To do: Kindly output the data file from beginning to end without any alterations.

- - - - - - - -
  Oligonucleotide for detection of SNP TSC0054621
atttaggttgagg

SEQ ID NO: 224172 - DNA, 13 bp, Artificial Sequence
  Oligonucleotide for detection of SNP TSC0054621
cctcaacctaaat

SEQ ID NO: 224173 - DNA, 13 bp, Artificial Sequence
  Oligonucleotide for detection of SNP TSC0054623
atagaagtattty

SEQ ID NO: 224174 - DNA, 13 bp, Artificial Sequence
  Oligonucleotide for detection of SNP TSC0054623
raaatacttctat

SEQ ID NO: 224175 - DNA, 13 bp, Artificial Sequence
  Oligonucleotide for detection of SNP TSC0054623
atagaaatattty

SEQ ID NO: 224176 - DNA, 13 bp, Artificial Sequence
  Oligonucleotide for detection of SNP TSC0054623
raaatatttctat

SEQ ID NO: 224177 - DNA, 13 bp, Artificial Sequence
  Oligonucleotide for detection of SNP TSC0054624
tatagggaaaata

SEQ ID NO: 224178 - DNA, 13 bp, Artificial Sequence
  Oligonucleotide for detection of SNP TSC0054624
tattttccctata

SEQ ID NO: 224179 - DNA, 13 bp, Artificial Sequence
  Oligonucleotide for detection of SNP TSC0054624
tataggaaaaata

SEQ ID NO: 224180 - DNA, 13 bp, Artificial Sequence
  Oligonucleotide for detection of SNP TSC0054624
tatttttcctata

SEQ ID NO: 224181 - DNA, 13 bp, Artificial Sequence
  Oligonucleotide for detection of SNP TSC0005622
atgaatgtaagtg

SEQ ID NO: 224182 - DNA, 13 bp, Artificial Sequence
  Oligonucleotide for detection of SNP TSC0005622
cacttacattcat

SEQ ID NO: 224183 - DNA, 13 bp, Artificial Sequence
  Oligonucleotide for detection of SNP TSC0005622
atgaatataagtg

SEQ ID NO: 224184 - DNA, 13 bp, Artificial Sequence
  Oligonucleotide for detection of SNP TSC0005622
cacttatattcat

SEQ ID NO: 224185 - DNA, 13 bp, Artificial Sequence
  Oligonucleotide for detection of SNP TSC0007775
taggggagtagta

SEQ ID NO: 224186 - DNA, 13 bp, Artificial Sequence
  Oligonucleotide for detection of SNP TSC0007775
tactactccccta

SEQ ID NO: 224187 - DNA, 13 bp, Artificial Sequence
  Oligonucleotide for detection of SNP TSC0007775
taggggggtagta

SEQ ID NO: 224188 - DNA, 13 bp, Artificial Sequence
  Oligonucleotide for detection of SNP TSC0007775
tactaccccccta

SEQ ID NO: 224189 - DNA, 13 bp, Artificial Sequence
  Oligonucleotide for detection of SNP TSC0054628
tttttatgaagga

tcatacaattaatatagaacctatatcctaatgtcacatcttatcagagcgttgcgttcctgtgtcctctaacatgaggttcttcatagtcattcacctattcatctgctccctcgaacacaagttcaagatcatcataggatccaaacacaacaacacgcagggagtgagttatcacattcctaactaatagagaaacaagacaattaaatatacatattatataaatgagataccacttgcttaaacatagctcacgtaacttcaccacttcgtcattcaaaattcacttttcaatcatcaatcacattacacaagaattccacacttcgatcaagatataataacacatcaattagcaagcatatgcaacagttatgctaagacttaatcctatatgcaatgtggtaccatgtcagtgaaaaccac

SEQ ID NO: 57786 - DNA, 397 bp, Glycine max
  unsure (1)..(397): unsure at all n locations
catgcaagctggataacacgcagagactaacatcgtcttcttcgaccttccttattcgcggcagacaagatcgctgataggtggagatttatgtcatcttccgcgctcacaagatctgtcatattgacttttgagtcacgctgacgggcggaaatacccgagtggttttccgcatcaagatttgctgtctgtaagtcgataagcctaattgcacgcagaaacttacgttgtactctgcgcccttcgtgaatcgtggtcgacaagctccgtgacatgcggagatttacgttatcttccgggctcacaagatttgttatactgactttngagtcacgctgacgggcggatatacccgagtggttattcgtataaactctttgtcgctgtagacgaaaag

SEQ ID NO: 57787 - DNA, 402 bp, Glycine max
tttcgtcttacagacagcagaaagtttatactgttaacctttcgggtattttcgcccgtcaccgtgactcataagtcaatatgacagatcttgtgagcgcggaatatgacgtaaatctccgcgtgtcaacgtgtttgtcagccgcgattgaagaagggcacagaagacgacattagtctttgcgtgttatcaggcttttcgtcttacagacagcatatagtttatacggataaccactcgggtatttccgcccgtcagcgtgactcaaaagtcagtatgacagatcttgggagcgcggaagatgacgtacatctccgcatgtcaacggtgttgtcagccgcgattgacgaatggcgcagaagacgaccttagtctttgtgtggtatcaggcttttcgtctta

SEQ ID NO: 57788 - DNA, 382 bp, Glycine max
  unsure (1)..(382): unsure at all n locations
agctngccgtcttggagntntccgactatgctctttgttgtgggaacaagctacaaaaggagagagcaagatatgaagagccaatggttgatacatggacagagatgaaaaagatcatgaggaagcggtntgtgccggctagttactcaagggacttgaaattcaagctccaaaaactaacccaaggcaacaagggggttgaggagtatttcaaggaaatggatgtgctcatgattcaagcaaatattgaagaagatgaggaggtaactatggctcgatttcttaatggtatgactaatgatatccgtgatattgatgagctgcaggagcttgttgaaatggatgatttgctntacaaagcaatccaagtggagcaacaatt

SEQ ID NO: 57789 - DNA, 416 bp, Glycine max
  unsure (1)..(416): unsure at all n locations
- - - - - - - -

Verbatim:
  Oligonucleotide for detection of SNP TSC0054621
atttaggttgagg

SEQ ID NO: 224172 - DNA, 13 bp, Artificial Sequence
  Oligonucleotide for detection of SNP TSC0054621
cctcaacctaaat

SEQ ID NO: 224173 - DNA, 13 bp, Artificial Sequence
  Oligonucleotide for detection of SNP TSC0054623
atagaagtattty

SEQ ID NO: 224174 - DNA, 13 bp, Artificial Sequence
  Oligonucleotide for detection of SNP TSC0054623
raaatacttctat

SEQ ID NO: 224175 - DNA, 13 bp, Artificial Sequence
  Oligonucleotide for detection of SNP TSC0054623
atagaaatattty

SEQ ID NO: 224176 - DNA, 13 bp, Artificial Sequence
  Oligonucleotide for detection of SNP TSC0054623
raaatatttctat

SEQ ID NO: 224177 - DNA, 13 bp, Artificial Sequence
  Oligonucleotide for detection of SNP TSC0054624
tatagggaaaata

SEQ ID NO: 224178 - DNA, 13 bp, Artificial Sequence
  Oligonucleotide for detection of SNP TSC0054624
tattttccctata

SEQ ID NO: 224179 - DNA, 13 bp, Artificial Sequence
  Oligonucleotide for detection of SNP TSC0054624
tataggaaaaata

SEQ ID NO: 224180 - DNA, 13 bp, Artificial Sequence
  Oligonucleotide for detection of SNP TSC0054624
tatttttcctata

SEQ ID NO: 224181 - DNA, 13 bp, Artificial Sequence
  Oligonucleotide for detection of SNP TSC0005622
atgaatgtaagtg

SEQ ID NO: 224182 - DNA, 13 bp, Artificial Sequence
  Oligonucleotide for detection of SNP TSC0005622
cacttacattcat

SEQ ID NO: 224183 - DNA, 13 bp, Artificial Sequence
  Oligonucleotide for detection of SNP TSC0005622
atgaatataagtg

SEQ ID NO: 224184 - DNA, 13 bp, Artificial Sequence
  Oligonucleotide for detection of SNP TSC0005622
cacttatattcat

SEQ ID NO: 224185 - DNA, 13 bp, Artificial Sequence
  Oligonucleotide for detection of SNP TSC0007775
taggggagtagta

SEQ ID NO: 224186 - DNA, 13 bp, Artificial Sequence
  Oligonucleotide for detection of SNP TSC0007775
tactactccccta

SEQ ID NO: 224187 - DNA, 13 bp, Artificial Sequence
  Oligonucleotide for detection of SNP TSC0007775
taggggggtagta

SEQ ID NO: 224188 - DNA, 13 bp, Artificial Sequence
  Oligonucleotide for detection of SNP TSC0007775
tactaccccccta

SEQ ID NO: 224189 - DNA, 13 bp, Artificial Sequence
  Oligonucleotide for detection of SNP TSC0054628
tttttatgaagga

tcatacaattaatatagaacctatatcctaatgtcacatcttatcagagcgttgcgttcctgtgtcctctaacatgaggttcttcatagtcattcacctattcatctgctccctcgaacacaagttcaagatcatcataggatccaaacacaacaacacgcagggagtgagttatcacattcctaactaatagagaaacaagacaattaaatatacatattatataaatgagataccacttgcttaaacatagctcacgtaacttcaccacttcgtcattcaaaattcacttttcaatcatcaatcacattacacaagaattccacacttcgatcaagatataataacacatcaattagcaagcatatgcaacagttatgctaagacttaatcctatatgcaatgtggtaccatgtcagtgaaaaccac

SEQ ID NO: 57786 - DNA, 397 bp, Glycine max
  unsure (1)..(397): unsure at all n locations
catgcaagctggataacacgcagagactaacatcgtcttcttcgaccttccttattcgcggcagacaagatcgctgataggtggagatttatgtcatcttccgcgctcacaagatctgtcatattgacttttgagtcacgctgacgggcggaaatacccgagtggttttccgcatcaagatttgctgtctgtaagtcgataagcctaattgcacgcagaaacttacgttgtactctgcgcccttcgtgaatcgtggtcgacaagctccgtgacatgcggagatttacgttatcttccgggctcacaagatttgttatactgactttngagtcacgctgacgggcggatatacccgagtggttattcgtataaactctttgtcgctgtagacgaaaag

SEQ ID NO: 57787 - DNA, 402 bp, Glycine max
tttcgtcttacagacagcagaaagtttatactgttaacctttcgggtattttcgcccgtcaccgtgactcataagtcaatatgacagatcttgtgagcgcggaatatgacgtaaatctccgcgtgtcaacgtgtttgtcagccgcgattgaagaagggcacagaagacgacattagtctttgcgtgttatcaggcttttcgtcttacagacagcatatagtttatacggataaccactcgggtatttccgcccgtcagcgtgactcaaaagtcagtatgacagatcttgggagcgcggaagatgacgtacatctccgcatgtcaacggtgttgtcagccgcgattgacgaatggcgcagaagacgaccttagtctttgtgtggtatcaggcttttcgtctta

SEQ ID NO: 57788 - DNA, 382 bp, Glycine max
  unsure (1)..(382): unsure at all n locations
agctngccgtcttggagntntccgactatgctctttgttgtgggaacaagctacaaaaggagagagcaagatatgaagagccaatggttgatacatggacagagatgaaaaagatcatgaggaagcggtntgtgccggctagttactcaagggacttgaaattcaagctccaaaaactaacccaaggcaacaagggggttgaggagtatttcaaggaaatggatgtgctcatgattcaagcaaatattgaagaagatgaggaggtaactatggctcgatttcttaatggtatgactaatgatatccgtgatattgatgagctgcaggagcttgttgaaatggatgatttgctntacaaagcaatccaagtggagcaacaatt

SEQ ID NO: 57789 - DNA, 416 bp, Glycine max
  unsure (1)..(416): unsure at all n locations